California Governor Jerry Brown wants the state to have 5 million zero-emission vehicles on the road by 2030.
He set the goal in an executive order, signed Friday, that echoes his final State of the State address presented the day before.
"The goal is to make our neighborhoods and farms healthier, our vehicles cleaner -- zero emission the sooner the better -- and all our technologies increasingly lowering their carbon output.," he said in the speech. "To meet our ambitious goals, we will need five million zero-emission vehicles on the road by 2030."
The new goal expands a previously issued executive order that called for 1.5 million zero-emission cars in California by 2025. There are currently 350,000 zero-emission cars in the state -- a big jump from 25,000 in 2012, according to Brown's order. About 5% of all new car sales in the Golden State are zero-emission.
The executive order calls for increasing the zero-emission infrastructure in the state as a way to "strengthen the economy and create jobs in the State of California."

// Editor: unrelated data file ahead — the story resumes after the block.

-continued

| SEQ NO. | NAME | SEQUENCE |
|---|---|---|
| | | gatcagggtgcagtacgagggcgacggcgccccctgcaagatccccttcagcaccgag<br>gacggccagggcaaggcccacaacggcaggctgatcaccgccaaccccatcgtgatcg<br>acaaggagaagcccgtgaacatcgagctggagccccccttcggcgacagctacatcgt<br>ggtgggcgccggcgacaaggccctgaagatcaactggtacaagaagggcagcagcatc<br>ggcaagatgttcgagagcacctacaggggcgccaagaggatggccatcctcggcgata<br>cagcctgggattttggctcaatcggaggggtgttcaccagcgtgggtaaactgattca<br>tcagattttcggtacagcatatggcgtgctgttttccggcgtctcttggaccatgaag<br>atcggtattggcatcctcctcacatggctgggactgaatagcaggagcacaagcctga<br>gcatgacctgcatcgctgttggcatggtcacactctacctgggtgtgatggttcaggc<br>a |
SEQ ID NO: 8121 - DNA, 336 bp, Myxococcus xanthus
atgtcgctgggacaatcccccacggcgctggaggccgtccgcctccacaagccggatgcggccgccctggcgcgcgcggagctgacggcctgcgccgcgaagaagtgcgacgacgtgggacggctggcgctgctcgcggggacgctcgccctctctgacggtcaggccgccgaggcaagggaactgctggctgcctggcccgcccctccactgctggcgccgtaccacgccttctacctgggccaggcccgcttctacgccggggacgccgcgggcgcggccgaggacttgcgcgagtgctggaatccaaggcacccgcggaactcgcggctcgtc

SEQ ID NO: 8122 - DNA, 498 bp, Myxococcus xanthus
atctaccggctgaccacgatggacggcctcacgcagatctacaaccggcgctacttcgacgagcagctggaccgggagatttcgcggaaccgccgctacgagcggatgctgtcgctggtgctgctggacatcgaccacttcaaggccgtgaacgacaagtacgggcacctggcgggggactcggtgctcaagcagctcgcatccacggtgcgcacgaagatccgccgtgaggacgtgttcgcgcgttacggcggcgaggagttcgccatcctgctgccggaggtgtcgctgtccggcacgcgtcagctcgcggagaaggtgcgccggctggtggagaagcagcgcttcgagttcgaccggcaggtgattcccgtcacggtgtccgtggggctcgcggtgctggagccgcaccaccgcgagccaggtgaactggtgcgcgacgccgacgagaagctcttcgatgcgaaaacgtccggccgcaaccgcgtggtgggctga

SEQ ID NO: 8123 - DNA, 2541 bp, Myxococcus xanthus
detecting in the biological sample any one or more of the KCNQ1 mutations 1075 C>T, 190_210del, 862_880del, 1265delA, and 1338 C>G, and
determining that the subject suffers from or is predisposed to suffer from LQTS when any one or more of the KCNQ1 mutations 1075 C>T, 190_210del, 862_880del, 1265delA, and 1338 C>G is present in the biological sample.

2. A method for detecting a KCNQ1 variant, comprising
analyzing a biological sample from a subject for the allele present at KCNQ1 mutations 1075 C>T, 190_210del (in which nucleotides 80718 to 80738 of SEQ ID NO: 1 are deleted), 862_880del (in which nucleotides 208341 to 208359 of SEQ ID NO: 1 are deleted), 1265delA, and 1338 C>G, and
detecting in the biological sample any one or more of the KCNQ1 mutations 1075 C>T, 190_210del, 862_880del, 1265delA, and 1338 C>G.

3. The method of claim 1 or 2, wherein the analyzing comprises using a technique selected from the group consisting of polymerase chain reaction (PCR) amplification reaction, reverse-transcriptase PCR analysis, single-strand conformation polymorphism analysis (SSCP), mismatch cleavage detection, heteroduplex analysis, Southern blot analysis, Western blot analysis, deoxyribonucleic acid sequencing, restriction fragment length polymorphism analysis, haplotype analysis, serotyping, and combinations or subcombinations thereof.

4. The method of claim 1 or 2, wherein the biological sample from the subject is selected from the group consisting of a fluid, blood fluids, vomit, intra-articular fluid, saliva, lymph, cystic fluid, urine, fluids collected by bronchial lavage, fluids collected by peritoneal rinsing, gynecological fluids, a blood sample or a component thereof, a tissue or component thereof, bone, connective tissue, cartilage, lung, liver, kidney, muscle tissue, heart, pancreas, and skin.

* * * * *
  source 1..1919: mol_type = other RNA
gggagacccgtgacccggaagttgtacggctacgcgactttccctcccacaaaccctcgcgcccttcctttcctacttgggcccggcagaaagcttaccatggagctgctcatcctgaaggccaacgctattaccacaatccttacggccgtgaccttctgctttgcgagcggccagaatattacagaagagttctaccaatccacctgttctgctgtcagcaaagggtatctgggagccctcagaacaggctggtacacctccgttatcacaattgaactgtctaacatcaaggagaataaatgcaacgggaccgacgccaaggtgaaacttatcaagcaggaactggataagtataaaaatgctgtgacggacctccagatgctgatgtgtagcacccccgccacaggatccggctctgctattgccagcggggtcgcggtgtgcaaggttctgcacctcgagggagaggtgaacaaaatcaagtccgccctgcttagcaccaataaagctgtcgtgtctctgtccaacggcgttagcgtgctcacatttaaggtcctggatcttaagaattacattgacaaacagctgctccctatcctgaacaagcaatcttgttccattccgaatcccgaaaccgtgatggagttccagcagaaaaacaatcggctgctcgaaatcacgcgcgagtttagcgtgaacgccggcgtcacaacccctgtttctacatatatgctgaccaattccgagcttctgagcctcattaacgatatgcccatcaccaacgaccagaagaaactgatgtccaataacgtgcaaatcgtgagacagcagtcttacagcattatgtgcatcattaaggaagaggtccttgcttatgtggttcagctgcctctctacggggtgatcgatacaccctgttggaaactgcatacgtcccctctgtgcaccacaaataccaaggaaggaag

That includes building 250,000 vehicle charging stations and 200 hydrogen fueling stations by 2025, a $2.5 billion project.
California, considered a leader in environmental policy, has been at odds with the Trump administration's efforts to roll back environmental regulations over the past year. President Trump pulled the United States out of the Paris Climate Accord, following through on a major campaign pledge. This week, the Environmental Protection Agency withdrew a regulation on a number of sources of pollution.
Brown, a Democrat, has publicly criticized Trump's decision to leave the Paris agreement and has taken a strong stance against the administration's planned off-shore drilling.
Transportation is responsible for 50% of the state's greenhouse gas emissions and 80% of emissions that cause smog, according to Brown's executive order.